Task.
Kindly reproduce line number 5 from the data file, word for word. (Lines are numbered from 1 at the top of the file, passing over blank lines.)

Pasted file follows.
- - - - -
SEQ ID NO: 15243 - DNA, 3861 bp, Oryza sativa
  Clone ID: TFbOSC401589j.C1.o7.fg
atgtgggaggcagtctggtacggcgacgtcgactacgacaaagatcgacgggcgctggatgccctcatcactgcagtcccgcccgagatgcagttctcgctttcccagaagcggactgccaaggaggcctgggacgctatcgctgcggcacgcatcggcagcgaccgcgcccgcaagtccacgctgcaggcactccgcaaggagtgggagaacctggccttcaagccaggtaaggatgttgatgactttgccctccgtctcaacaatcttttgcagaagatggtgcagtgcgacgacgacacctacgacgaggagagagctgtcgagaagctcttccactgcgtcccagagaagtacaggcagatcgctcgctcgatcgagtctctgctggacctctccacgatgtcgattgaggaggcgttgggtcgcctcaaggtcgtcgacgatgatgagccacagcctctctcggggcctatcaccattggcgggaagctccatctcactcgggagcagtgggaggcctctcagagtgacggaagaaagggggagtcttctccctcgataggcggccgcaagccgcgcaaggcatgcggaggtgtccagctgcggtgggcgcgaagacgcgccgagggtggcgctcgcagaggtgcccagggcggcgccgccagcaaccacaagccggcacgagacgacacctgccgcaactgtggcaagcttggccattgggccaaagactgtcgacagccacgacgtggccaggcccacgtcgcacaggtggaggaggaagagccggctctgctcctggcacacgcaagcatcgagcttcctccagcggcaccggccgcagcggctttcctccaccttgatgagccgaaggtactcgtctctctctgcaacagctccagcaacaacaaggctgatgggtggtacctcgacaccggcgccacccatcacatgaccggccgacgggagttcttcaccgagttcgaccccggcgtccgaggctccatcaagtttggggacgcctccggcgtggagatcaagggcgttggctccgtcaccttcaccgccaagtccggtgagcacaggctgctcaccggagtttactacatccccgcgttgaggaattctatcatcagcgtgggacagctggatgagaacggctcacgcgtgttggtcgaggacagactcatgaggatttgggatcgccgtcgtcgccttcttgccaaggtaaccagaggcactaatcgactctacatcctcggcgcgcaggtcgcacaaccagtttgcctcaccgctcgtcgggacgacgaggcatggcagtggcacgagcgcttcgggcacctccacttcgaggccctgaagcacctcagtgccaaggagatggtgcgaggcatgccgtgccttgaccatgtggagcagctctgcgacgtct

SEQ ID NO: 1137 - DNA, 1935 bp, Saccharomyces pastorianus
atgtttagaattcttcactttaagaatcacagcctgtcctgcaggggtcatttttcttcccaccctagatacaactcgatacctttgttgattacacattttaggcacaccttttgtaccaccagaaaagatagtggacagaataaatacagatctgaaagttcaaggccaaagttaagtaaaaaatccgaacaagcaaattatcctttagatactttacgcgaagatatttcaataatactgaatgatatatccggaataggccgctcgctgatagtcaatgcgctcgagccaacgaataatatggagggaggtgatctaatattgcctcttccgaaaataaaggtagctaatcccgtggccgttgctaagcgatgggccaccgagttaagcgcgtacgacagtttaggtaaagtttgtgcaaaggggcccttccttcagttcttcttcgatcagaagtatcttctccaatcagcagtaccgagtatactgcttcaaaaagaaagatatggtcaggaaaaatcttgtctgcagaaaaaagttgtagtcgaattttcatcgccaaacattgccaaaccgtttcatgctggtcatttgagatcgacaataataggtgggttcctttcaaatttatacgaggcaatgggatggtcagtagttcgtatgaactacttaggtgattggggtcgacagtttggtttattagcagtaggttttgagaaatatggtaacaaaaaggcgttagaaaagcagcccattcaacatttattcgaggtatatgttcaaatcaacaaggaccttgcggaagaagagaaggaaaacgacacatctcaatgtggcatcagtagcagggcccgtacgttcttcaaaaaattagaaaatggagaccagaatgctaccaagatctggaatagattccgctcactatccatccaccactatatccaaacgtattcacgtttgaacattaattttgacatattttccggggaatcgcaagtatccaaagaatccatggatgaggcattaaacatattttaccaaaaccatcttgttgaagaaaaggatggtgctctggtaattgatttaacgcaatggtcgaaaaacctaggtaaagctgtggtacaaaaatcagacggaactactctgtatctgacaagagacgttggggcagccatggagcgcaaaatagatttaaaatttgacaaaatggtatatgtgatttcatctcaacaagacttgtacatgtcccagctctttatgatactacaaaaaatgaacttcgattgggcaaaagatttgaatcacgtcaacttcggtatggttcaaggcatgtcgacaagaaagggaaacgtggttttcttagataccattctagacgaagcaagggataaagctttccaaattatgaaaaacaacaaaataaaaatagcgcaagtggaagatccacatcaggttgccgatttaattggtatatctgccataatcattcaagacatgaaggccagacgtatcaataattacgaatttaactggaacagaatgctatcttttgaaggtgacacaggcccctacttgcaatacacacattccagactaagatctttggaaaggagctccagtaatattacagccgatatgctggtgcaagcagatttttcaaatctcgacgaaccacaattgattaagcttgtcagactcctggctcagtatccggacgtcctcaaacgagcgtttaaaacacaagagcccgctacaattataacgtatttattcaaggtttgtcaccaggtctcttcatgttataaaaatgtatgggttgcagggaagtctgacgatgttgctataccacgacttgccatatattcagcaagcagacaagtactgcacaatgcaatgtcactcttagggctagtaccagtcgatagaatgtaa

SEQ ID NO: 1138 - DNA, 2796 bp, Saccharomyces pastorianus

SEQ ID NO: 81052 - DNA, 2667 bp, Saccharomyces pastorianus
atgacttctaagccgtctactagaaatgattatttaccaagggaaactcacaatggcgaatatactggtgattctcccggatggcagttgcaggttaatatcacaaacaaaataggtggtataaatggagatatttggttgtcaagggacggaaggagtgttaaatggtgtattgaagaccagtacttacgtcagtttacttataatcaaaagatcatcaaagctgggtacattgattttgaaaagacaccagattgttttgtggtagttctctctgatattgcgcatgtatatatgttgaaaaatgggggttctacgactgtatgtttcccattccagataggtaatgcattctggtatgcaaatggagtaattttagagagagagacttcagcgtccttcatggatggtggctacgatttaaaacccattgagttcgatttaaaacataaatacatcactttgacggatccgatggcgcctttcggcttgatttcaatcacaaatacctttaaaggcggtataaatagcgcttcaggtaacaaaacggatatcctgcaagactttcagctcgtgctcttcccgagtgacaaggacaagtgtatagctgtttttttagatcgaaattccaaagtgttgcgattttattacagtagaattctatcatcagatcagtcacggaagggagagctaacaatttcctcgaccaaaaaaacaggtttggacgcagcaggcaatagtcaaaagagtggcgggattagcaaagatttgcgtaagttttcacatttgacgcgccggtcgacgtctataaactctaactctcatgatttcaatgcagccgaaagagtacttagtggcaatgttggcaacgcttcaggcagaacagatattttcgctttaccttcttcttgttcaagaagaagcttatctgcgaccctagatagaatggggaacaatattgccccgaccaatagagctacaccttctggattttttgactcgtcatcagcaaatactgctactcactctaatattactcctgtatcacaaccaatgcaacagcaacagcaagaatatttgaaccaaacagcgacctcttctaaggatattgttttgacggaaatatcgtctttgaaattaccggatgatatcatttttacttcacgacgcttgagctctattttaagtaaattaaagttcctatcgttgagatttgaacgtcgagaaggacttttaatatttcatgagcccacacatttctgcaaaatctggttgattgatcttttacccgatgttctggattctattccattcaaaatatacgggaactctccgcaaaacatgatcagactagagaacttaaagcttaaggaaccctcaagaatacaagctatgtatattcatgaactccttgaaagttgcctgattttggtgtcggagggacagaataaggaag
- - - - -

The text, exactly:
atgtttagaattcttcactttaagaatcacagcctgtcctgcaggggtcatttttcttcccaccctagatacaactcgatacctttgttgattacacattttaggcacaccttttgtaccaccagaaaagatagtggacagaataaatacagatctgaaagttcaaggccaaagttaagtaaaaaatccgaacaagcaaattatcctttagatactttacgcgaagatatttcaataatactgaatgatatatccggaataggccgctcgctgatagtcaatgcgctcgagccaacgaataatatggagggaggtgatctaatattgcctcttccgaaaataaaggtagctaatcccgtggccgttgctaagcgatgggccaccgagttaagcgcgtacgacagtttaggtaaagtttgtgcaaaggggcccttccttcagttcttcttcgatcagaagtatcttctccaatcagcagtaccgagtatactgcttcaaaaagaaagatatggtcaggaaaaatcttgtctgcagaaaaaagttgtagtcgaattttcatcgccaaacattgccaaaccgtttcatgctggtcatttgagatcgacaataataggtgggttcctttcaaatttatacgaggcaatgggatggtcagtagttcgtatgaactacttaggtgattggggtcgacagtttggtttattagcagtaggttttgagaaatatggtaacaaaaaggcgttagaaaagcagcccattcaacatttattcgaggtatatgttcaaatcaacaaggaccttgcggaagaagagaaggaaaacgacacatctcaatgtggcatcagtagcagggcccgtacgttcttcaaaaaattagaaaatggagaccagaatgctaccaagatctggaatagattccgctcactatccatccaccactatatccaaacgtattcacgtttgaacattaattttgacatattttccggggaatcgcaagtatccaaagaatccatggatgaggcattaaacatattttaccaaaaccatcttgttgaagaaaaggatggtgctctggtaattgatttaacgcaatggtcgaaaaacctaggtaaagctgtggtacaaaaatcagacggaactactctgtatctgacaagagacgttggggcagccatggagcgcaaaatagatttaaaatttgacaaaatggtatatgtgatttcatctcaacaagacttgtacatgtcccagctctttatgatactacaaaaaatgaacttcgattgggcaaaagatttgaatcacgtcaacttcggtatggttcaaggcatgtcgacaagaaagggaaacgtggttttcttagataccattctagacgaagcaagggataaagctttccaaattatgaaaaacaacaaaataaaaatagcgcaagtggaagatccacatcaggttgccgatttaattggtatatctgccataatcattcaagacatgaaggccagacgtatcaataattacgaatttaactggaacagaatgctatcttttgaaggtgacacaggcccctacttgcaatacacacattccagactaagatctttggaaaggagctccagtaatattacagccgatatgctggtgcaagcagatttttcaaatctcgacgaaccacaattgattaagcttgtcagactcctggctcagtatccggacgtcctcaaacgagcgtttaaaacacaagagcccgctacaattataacgtatttattcaaggtttgtcaccaggtctcttcatgttataaaaatgtatgggttgcagggaagtctgacgatgttgctataccacgacttgccatatattcagcaagcagacaagtactgcacaatgcaatgtcactcttagggctagtaccagtcgatagaatgtaa